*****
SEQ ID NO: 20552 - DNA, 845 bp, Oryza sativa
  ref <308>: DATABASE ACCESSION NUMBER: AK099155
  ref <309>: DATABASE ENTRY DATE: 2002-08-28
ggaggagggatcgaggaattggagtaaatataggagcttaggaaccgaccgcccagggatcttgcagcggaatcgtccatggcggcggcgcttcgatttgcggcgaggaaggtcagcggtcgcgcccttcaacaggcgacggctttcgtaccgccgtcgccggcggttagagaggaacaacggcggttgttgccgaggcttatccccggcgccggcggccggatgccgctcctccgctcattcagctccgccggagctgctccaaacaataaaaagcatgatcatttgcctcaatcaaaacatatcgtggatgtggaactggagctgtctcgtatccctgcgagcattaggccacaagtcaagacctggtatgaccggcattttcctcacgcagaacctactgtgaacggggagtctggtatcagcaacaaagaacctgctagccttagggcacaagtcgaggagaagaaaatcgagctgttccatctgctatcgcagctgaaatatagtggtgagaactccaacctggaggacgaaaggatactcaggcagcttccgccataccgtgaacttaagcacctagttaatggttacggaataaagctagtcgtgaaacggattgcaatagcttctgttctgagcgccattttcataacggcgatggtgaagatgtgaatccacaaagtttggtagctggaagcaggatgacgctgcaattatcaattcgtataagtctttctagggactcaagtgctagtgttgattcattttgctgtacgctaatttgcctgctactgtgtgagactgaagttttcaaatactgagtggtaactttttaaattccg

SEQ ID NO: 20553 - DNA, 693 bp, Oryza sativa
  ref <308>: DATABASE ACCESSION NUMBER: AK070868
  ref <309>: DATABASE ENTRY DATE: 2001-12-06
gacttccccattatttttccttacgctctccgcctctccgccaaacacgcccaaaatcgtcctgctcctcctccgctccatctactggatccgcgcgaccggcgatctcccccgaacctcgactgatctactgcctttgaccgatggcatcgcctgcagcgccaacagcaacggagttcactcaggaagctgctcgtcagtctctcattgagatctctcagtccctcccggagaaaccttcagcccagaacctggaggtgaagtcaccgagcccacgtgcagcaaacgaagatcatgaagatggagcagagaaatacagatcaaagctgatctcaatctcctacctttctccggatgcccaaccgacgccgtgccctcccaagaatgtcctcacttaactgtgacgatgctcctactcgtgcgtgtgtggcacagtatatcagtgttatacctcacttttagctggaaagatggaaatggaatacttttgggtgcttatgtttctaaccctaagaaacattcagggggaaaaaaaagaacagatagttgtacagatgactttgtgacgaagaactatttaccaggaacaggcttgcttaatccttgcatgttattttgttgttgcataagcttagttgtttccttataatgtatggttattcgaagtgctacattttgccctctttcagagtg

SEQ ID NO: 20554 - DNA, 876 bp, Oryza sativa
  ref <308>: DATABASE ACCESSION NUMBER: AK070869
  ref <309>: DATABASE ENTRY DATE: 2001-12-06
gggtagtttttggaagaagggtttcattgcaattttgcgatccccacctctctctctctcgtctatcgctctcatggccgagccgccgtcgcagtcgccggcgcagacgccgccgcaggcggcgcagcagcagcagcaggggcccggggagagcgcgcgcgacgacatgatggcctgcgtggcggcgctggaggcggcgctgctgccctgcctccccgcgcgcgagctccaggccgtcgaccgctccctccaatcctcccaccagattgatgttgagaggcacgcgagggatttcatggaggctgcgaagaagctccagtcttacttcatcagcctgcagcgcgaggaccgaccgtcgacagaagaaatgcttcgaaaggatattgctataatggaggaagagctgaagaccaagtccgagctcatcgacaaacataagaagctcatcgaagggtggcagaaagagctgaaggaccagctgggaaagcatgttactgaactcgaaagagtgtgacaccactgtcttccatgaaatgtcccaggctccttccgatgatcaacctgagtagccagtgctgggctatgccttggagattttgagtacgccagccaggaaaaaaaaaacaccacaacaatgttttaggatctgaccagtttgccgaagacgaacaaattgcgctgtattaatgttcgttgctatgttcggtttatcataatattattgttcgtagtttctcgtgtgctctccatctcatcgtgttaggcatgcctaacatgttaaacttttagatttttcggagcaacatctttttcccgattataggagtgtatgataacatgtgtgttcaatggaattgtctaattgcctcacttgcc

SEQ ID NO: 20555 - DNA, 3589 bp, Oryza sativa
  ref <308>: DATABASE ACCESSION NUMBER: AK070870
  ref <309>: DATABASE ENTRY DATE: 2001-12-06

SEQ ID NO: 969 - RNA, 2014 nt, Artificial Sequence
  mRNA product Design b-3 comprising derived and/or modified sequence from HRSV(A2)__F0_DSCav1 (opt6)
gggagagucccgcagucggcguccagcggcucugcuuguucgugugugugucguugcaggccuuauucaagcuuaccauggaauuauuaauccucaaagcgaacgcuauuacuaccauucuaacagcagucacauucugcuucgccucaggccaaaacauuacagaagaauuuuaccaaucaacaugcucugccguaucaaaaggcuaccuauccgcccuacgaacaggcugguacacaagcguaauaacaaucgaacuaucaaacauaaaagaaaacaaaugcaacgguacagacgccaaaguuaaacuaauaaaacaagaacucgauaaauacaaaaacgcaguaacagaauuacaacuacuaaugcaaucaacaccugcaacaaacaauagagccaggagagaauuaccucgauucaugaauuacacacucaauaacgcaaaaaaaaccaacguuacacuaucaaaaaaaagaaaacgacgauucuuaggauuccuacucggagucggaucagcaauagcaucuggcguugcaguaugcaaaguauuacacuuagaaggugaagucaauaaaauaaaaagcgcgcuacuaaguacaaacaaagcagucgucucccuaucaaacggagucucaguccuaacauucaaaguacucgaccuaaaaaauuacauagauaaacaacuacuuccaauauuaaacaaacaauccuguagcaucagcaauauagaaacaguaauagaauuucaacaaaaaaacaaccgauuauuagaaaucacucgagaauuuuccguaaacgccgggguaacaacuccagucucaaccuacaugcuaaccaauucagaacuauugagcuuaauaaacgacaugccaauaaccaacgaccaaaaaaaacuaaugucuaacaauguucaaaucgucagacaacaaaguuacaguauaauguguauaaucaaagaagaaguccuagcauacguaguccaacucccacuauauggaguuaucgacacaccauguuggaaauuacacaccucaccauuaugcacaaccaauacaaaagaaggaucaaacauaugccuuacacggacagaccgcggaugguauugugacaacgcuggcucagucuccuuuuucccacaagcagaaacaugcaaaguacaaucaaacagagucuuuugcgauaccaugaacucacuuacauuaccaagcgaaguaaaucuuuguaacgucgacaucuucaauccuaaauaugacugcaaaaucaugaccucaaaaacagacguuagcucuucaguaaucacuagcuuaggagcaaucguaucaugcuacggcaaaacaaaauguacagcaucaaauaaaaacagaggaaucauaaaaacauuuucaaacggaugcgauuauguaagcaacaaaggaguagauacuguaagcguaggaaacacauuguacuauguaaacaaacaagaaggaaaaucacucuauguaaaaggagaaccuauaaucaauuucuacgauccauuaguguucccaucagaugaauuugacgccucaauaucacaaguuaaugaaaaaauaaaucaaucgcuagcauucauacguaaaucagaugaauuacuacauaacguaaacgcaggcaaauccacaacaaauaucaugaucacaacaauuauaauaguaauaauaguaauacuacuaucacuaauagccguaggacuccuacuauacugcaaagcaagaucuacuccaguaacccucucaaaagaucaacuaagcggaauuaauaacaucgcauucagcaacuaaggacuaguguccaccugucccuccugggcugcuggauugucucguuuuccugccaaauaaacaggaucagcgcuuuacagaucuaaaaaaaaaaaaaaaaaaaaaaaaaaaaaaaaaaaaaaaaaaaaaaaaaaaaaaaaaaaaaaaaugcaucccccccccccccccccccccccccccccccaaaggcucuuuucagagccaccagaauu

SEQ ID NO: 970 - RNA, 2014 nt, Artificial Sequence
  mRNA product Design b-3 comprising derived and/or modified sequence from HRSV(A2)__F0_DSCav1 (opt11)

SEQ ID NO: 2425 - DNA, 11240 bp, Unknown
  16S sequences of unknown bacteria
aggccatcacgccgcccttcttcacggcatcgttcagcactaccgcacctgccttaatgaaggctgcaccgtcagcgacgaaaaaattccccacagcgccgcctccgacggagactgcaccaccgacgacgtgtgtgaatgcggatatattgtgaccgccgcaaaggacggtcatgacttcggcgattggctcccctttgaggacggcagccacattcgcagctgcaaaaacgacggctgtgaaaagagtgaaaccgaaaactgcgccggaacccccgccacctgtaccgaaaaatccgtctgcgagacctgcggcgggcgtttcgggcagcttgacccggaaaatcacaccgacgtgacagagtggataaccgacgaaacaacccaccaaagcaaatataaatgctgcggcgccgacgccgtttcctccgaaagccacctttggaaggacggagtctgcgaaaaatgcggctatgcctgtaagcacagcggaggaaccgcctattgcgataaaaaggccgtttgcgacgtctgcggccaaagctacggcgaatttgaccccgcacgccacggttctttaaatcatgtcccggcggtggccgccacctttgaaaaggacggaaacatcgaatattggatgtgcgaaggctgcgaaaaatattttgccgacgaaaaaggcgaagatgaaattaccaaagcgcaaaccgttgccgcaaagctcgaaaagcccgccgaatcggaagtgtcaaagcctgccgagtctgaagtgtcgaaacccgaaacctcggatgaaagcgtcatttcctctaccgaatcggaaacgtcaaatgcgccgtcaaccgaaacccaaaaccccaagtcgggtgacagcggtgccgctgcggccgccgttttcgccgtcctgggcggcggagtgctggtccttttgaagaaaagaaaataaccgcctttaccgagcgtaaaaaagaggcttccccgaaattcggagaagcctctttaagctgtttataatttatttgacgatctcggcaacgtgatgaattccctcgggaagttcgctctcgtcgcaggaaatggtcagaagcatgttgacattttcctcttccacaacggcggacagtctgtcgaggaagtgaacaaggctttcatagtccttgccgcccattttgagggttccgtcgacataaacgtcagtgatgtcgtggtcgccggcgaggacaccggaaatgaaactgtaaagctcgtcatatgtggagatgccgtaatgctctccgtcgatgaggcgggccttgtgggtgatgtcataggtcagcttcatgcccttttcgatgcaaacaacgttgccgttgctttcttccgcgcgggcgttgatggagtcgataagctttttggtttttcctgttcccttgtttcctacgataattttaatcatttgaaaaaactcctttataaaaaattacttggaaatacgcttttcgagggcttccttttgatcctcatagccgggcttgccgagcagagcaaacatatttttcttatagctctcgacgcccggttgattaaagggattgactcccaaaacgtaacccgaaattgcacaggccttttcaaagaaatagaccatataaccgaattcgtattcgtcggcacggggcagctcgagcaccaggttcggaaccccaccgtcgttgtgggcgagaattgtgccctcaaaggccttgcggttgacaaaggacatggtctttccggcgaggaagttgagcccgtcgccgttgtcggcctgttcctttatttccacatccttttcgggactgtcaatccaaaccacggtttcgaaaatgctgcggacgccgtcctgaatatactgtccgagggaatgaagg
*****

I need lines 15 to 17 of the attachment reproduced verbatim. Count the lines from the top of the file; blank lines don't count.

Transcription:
  ref <309>: DATABASE ENTRY DATE: 2001-12-06

SEQ ID NO: 969 - RNA, 2014 nt, Artificial Sequence
  mRNA product Design b-3 comprising derived and/or modified sequence from HRSV(A2)__F0_DSCav1 (opt6)